Novice lifeguard hailed a hero for her part in rescuing a man and his 8-year-old son from rocks in choppy seas.
When high waves stranded a father and his 8-year-old son on a sheer rock at Whakatane, Chantal Lillas knew exactly what risks she would have to take to reach them.
Could she leap off an inflatable rescue boat (IRB), sprint across 30m of jagged rock and clamber up to reach the pair before the next wave struck?
The gutsy 18-year-old decided that yes, she could - and is now being hailed for the courage she showed at Whakatane Heads on Sunday afternoon in what was her first rescue.
Yesterday, Ms Lillas, a former Trident High School pupil, spoke of the the dramatic episode.
She was on duty with other lifeguards when the call came in about 2.30pm.
A local man had taken his boy fishing in the morning, but they had become cut off by 2.5m waves smashing against the headland.
Ms Lillas and fellow lifeguard Barry Cutfield set off into choppy seas in an IRB, and could soon see the pair stranded on an elevated escarpment.
It was unclear whether they were injured, so Mr Cutfield powered the IRB as fast as he could.
When a small lull came between sets of large waves, Mr Cutfield and Ms Lillas saw an opportunity to rescue the pair.
But steady rain had made the rocks slippery.
"The thing that stuck in my mind," Mr Cutfield said, "was that we could see it was a hazardous job that she had to do ... and I certainly gave her the option.
"I told her if you don't want to do this, it'll be fine. And she did - I thought she was very brave."
He had not seen such a deed in his 12 years of lifesaving.
Mr Cutfield was able to edge the nose of the IRB close enough to the ledge for Ms Lillas to step off.
She then dashed bare-footed across the exposed rock in 30 seconds. Her tough feet had made the job easier, she joked.
She said she wasn't really nervous at the time, "but looking back afterwards, I think that things could have ended differently".
When she reached the pair, she used the man's cellphone to communicate with police co-ordinating the rescue from the surf club.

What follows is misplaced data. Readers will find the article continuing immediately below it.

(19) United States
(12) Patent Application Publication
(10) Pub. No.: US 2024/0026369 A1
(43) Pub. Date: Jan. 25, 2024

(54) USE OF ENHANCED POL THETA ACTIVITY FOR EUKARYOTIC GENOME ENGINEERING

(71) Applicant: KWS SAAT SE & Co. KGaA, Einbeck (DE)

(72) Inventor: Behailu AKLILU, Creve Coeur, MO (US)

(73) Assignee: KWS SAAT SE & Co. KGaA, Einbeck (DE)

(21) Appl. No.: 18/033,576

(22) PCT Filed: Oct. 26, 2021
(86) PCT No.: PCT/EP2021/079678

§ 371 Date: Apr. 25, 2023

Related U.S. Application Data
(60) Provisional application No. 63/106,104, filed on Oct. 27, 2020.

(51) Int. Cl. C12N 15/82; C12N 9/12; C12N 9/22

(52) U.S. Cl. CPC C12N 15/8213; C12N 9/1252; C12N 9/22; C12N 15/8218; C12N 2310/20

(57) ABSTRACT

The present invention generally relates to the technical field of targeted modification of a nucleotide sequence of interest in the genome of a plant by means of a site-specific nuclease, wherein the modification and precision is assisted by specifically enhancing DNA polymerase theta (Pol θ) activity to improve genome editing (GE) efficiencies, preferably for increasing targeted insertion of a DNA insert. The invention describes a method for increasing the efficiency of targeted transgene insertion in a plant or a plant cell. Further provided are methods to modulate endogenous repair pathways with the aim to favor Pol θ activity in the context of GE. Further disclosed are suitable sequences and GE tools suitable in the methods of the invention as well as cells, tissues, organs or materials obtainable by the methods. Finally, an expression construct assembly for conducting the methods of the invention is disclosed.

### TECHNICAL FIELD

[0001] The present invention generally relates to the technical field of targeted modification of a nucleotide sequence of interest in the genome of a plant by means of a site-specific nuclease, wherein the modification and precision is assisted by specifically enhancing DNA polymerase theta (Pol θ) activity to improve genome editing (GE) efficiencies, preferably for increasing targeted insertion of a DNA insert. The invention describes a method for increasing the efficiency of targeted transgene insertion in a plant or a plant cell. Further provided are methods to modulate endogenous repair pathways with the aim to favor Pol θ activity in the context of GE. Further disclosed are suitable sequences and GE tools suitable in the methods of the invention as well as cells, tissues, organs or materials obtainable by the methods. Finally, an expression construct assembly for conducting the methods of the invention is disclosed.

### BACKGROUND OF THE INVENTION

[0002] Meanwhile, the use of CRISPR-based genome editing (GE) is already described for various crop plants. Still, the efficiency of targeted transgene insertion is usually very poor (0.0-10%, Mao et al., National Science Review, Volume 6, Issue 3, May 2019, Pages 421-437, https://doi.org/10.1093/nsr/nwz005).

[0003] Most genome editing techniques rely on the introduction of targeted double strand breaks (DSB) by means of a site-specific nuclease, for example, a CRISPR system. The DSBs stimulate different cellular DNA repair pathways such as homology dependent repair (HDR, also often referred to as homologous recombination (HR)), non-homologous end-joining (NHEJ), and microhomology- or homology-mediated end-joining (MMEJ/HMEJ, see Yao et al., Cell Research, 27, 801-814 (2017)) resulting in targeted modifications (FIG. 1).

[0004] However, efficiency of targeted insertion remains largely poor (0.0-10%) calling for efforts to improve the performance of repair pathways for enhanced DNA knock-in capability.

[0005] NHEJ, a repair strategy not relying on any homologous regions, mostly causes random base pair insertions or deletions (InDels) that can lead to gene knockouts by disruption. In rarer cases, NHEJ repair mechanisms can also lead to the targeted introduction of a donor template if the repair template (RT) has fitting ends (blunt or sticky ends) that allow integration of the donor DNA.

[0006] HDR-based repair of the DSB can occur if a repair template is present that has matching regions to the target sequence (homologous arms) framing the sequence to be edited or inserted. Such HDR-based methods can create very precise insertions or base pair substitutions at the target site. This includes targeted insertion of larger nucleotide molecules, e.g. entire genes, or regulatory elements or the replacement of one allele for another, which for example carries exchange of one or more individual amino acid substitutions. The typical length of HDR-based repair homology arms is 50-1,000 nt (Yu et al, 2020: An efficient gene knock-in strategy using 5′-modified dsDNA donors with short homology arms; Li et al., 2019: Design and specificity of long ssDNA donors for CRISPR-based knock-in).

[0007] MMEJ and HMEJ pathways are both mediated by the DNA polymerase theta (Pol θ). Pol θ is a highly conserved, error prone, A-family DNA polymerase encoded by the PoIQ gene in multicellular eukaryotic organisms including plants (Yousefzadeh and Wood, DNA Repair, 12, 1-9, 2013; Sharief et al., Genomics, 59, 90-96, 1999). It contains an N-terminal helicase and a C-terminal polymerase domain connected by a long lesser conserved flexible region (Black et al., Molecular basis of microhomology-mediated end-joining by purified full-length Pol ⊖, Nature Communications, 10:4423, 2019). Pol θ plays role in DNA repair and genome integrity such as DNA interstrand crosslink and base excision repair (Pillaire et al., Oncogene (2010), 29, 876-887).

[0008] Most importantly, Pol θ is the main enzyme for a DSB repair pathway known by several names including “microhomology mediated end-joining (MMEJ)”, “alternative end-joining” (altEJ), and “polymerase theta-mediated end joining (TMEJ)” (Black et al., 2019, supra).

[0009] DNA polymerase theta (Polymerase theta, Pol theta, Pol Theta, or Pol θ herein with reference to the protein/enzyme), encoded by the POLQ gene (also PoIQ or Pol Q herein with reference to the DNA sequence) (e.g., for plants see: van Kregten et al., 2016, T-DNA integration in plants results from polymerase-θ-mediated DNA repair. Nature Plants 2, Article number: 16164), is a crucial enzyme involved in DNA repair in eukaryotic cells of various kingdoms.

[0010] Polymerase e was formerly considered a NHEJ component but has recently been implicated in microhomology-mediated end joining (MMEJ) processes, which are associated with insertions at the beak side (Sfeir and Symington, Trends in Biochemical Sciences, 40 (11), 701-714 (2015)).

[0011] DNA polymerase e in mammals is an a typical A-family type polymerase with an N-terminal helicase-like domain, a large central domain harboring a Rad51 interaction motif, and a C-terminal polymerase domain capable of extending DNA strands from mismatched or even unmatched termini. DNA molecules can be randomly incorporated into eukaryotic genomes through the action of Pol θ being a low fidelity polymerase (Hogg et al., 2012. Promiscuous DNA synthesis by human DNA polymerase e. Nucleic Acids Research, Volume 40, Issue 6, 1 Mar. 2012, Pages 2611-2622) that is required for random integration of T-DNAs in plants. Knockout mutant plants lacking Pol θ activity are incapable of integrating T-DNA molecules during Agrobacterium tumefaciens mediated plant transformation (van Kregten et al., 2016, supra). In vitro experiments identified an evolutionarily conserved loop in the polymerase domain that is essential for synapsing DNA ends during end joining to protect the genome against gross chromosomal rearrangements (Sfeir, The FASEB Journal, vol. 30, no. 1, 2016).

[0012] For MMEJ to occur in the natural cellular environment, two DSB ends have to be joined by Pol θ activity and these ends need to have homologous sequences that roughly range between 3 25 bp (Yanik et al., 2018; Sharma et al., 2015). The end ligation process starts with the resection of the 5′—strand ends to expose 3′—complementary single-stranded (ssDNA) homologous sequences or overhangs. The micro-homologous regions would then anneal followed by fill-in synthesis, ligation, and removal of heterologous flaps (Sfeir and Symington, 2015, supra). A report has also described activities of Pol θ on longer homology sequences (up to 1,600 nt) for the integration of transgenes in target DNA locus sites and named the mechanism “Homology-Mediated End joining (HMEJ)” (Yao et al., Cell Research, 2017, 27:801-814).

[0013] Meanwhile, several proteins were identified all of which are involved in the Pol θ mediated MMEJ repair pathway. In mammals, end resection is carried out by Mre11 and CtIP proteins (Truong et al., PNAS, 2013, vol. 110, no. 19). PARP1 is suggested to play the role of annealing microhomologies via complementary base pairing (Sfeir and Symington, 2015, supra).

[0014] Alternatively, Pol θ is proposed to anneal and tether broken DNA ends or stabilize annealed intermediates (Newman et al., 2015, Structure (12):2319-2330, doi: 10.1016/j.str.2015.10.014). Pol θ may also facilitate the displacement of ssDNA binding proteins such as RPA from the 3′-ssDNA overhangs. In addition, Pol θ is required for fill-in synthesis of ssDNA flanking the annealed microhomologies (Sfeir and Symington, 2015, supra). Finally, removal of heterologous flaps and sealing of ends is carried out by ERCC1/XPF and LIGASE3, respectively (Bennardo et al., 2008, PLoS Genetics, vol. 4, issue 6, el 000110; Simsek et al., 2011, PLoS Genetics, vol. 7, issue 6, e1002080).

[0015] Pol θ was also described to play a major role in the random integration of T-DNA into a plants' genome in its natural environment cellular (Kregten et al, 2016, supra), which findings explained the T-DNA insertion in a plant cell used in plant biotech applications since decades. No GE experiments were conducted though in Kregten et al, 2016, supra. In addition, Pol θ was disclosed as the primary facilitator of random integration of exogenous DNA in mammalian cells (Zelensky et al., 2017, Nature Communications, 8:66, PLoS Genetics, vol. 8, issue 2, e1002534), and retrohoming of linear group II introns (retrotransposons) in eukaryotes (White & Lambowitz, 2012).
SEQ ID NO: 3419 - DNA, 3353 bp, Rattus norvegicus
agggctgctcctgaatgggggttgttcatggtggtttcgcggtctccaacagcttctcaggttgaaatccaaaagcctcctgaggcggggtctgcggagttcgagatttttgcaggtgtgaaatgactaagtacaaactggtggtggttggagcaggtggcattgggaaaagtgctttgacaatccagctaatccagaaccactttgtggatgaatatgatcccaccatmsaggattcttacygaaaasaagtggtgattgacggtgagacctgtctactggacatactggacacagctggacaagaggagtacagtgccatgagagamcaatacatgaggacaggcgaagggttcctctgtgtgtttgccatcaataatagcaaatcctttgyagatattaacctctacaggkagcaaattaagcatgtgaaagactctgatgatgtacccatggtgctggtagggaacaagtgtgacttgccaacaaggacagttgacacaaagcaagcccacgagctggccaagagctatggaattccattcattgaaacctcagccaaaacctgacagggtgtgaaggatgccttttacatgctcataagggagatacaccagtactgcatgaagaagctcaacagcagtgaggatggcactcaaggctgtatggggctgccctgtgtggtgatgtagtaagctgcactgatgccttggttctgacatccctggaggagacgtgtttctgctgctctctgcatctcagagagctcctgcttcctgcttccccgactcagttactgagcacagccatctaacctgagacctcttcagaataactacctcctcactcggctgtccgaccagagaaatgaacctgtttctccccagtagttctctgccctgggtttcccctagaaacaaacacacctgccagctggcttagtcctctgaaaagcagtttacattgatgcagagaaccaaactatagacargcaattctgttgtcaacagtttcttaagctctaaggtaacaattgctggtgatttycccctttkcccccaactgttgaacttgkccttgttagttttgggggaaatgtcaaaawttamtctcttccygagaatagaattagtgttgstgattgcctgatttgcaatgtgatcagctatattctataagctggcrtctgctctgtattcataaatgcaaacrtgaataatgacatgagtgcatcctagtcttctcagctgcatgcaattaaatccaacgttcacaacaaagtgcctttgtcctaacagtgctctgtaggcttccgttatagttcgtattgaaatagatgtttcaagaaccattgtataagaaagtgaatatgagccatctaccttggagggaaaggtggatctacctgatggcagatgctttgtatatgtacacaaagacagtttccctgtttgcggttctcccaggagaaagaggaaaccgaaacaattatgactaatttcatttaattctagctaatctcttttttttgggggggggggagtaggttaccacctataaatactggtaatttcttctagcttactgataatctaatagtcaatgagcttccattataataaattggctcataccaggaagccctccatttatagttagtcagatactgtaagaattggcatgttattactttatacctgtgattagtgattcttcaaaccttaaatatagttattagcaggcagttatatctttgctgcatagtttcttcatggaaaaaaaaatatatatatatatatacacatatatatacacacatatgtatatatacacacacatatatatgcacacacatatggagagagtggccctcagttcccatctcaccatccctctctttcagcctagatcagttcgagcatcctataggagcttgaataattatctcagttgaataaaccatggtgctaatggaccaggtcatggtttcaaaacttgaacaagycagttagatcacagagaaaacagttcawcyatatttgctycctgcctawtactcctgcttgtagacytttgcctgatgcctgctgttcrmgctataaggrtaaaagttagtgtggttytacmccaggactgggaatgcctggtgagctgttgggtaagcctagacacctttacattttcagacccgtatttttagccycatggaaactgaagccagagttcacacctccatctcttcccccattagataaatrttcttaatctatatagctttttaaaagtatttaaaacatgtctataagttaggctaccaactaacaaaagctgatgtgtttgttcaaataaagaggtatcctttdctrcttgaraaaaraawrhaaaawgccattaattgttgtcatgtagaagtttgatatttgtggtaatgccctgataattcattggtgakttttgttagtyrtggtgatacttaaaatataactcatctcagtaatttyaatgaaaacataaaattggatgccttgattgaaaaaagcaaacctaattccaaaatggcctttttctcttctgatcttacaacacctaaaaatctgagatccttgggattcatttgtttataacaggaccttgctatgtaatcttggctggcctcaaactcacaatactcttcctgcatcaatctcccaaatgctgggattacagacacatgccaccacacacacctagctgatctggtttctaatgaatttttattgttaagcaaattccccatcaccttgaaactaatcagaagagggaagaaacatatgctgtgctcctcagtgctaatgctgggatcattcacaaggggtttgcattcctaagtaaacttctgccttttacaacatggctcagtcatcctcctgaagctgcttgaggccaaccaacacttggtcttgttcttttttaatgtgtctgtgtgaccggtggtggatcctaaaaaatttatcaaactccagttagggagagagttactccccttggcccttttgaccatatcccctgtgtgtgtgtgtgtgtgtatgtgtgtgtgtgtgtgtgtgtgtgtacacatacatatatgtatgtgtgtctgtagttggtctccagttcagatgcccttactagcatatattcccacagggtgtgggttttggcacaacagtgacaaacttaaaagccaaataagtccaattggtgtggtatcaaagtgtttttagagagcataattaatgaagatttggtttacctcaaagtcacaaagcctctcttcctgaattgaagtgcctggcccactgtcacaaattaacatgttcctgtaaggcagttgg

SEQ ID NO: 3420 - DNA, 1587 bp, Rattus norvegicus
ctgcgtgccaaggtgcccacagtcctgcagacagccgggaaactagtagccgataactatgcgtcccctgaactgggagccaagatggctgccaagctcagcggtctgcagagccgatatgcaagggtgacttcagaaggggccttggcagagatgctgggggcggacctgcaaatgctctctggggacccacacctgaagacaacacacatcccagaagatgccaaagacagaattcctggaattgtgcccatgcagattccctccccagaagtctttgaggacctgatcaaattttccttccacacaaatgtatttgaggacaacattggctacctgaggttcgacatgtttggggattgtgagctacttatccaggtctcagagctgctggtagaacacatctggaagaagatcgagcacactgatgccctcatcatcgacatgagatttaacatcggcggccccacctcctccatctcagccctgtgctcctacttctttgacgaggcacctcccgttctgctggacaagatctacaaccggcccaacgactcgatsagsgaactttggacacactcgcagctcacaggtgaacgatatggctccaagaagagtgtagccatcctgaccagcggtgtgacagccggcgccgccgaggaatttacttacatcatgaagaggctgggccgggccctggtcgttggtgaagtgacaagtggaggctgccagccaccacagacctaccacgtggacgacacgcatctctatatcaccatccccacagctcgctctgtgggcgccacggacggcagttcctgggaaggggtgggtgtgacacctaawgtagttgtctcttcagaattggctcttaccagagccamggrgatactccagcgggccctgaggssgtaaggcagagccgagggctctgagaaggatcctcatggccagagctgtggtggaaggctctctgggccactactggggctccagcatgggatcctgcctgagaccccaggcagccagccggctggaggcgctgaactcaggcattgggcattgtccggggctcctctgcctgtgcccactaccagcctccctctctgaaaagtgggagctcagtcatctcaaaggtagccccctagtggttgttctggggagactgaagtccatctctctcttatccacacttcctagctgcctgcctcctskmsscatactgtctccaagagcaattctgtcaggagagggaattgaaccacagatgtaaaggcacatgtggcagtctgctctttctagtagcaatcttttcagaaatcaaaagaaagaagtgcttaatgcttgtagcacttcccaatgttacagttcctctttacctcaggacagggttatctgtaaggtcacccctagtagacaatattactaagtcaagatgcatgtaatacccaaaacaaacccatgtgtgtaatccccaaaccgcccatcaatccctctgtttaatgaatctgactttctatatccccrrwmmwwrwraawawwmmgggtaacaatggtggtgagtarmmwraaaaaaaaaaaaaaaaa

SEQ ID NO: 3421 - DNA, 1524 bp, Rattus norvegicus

By the end of the phone call, the heightened waves had made it too dangerous to make a safe extraction by IRB.
Ms Lillas stayed with the 8-year-old for an hour, sheltering him from the wind and keeping him calm before they were forced to higher ground.
"His dad was saying he stopped crying when he saw our IRB."
She said the boy had wanted to go motorbiking instead of fishing that day.
"I was talking to him about Christmas, and that I've got a brother the same age as him ... that sort of thing - I just wanted to take his mind off everything."
All three were eventually winched into the Tauranga-based TrustPower TECT rescue helicopter and taken back to shore.
A crowd that had gathered, among them Whakatane Mayor Tony Bonne, met them with applause as they stepped out of the helicopter.
"I was so hyped up and, after everything, I was a bit overwhelmed," said Ms Lillas, who spent the night celebrating with friends.
"Thinking about it, there wasn't much we could have done differently."
She was thanked by the boy's father and has been described as a hero by local emergency services.
But she didn't consider herself courageous.
"I don't mind helping out where I can. I'm not usually the one who does that sort of thing, but you volunteer to do it. It doesn't happen often, but when it does ... you just do it."